ATmega328P: 20MIPS or 16MISP?

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Atmel 2015 datasheet for ATmega328P:

Microchip 2020 datasheet for ATmega48A/PA/88A/PA/168A/PA/328/P:

Which is true? Is it depending on date of manufacture? Or I can use 20MHz clock on any ATmega328P?

This topic has a solution.

Slow and Steady!

Last Edited: Thu. Oct 22, 2020 - 05:14 AM
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The 2nd one states a whole range of chips & suffixes, and says "up to".

 

You can't just take that to mean that every single one of all those chip variants will all work at 20MHz - that's why they say, "up to".

 

Elsewhere in the datasheet there are the specific details for each particular model & variant.

 

EDIT

 

Similarly, that datasheet also says things like:

̶ 4/8/16/32KBytes of In-System Self-Programmable Flash program memory

̶ 256/512/512/1KBytes EEPROM

̶ 512/1K/1K/2KBytes Internal SRAM

 

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Last Edited: Wed. Oct 21, 2020 - 09:08 AM
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Please have a look at this page:

https://www.microchip.com/wwwpro...

CPU Speed (MIPS/DMIPS) = 20

Slow and Steady!

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Slow and Steady!

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pajuhesh80 wrote:

Atmel 2015 datasheet for ATmega328P:

Do you mean the Automotive version:

 

http://ww1.microchip.com/downloads/en/DeviceDoc/Atmel-7810-Automotive-Microcontrollers-ATmega328P_Datasheet.pdf

 

Yes, that is a different product variant.

 

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Both are true ....you need to know the voltage being used to find the max speed.  Also some chips no longer allow the 20MHz external xtal hookup, but you can pipe in you own 20MHz digital clock.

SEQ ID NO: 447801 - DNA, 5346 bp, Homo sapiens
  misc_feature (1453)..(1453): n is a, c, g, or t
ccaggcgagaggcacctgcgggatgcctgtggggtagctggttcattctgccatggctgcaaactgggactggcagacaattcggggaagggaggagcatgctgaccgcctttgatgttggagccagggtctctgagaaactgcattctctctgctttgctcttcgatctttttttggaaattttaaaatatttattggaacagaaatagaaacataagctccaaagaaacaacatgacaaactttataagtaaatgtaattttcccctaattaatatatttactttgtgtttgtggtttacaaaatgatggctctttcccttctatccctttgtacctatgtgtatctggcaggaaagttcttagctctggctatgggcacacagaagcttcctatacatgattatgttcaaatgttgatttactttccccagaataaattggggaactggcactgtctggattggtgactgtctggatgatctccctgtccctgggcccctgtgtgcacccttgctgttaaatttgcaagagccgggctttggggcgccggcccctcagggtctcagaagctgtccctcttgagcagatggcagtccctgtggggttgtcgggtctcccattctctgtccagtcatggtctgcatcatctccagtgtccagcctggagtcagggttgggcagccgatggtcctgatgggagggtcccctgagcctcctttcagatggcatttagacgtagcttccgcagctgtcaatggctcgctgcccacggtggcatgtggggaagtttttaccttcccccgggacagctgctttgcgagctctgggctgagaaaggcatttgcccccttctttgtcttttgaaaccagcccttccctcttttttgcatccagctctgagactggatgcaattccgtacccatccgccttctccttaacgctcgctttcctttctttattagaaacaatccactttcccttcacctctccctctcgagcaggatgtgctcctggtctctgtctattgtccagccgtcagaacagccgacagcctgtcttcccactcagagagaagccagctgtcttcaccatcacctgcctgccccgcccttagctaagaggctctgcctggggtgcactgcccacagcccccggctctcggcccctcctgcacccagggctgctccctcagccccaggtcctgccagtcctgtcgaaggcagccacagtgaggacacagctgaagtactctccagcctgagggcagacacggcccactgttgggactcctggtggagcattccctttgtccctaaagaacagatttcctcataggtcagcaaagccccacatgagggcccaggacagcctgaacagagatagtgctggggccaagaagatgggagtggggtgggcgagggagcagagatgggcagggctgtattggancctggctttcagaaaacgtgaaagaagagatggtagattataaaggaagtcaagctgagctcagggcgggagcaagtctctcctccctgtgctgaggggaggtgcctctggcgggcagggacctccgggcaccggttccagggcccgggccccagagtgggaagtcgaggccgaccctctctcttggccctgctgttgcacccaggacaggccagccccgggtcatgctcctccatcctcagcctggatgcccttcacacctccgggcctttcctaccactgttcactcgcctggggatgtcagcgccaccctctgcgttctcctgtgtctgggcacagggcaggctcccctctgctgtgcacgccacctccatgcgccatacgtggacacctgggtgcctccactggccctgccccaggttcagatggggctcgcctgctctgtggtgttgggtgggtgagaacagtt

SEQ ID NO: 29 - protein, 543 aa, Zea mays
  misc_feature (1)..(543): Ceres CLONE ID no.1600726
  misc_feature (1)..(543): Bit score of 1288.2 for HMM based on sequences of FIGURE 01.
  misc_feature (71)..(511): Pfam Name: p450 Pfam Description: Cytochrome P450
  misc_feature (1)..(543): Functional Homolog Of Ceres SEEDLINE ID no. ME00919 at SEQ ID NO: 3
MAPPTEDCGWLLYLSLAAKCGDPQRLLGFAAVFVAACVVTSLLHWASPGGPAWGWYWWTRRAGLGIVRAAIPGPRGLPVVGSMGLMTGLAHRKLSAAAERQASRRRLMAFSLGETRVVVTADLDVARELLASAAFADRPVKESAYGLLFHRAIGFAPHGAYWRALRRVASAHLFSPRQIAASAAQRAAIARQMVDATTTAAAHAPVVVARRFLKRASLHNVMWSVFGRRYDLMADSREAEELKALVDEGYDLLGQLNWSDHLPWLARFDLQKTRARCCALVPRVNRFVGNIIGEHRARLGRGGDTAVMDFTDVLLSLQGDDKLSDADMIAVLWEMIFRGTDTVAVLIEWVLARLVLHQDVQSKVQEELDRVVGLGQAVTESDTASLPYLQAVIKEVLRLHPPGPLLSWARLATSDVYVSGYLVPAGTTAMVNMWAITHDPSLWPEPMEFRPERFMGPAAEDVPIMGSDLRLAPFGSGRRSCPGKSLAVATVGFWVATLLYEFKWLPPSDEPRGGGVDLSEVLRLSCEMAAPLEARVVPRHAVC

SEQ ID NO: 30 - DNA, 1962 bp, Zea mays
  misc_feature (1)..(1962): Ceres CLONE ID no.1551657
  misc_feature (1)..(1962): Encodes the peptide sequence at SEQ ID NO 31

With all of the various changes & voltages, you need to look at the exact datasheet for the part you are interested in, there are many flavors.

When in the dark remember-the future looks brighter than ever.   I look forward to being able to predict the future!

Last Edited: Wed. Oct 21, 2020 - 09:21 AM
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Both are true - if you can only run the chip at 16MHz then because using one cycle opcodes it can run 16,000,000 opcodes per seconds it is "16 MIPS". If you have a variant of the chip that can be run at 20MHz then you can achieve 20MHz.

 

Note that one datasheet you quote says just "ATmega328P". The other lists a number of devices so perhaps some of those can be operated at 20MHz?

 

(having said that you can probably get away with 30-40MHz if you want to over-clock it in a personal project)

Last Edited: Wed. Oct 21, 2020 - 10:07 AM
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clawson wrote:
one datasheet you quote says just "ATmega328P"

I think he's referring to the specific Automotive version ?

 

EDIT

 

There are two distinct documents:

 

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Last Edited: Wed. Oct 21, 2020 - 09:35 AM
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Let me clarify some things:

1. The 2015 Atmel ATmega328P datasheet for both normal and automotive says "up to 16 MIPS @ 16MHz". However, you can find this graph there:

2. The 2020 Microchip ATmega48A/PA/88A/PA/168A/PA/328/P datasheet says "up to 20 MIPS @ 20MHz" and there is no exception for any of these MCUs. Also, this graph is specifically for 328P:

3. Microchip webpage for ATmega328P says CPU Speed (MIPS/DMIPS) = 20.

 

So I'm sure any new ATmega328P is capable for 20MHz. I just want to know is it true for an older (before Atmel being acquired by Microchip in 2016) ATmega328P?

Slow and Steady!

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pajuhesh80 wrote:
 The 2015 Atmel ATmega328P datasheet for both normal and automotive 

give a link to that document 

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Curious, the history says that the plot in 31-333 was actually updated in 2014...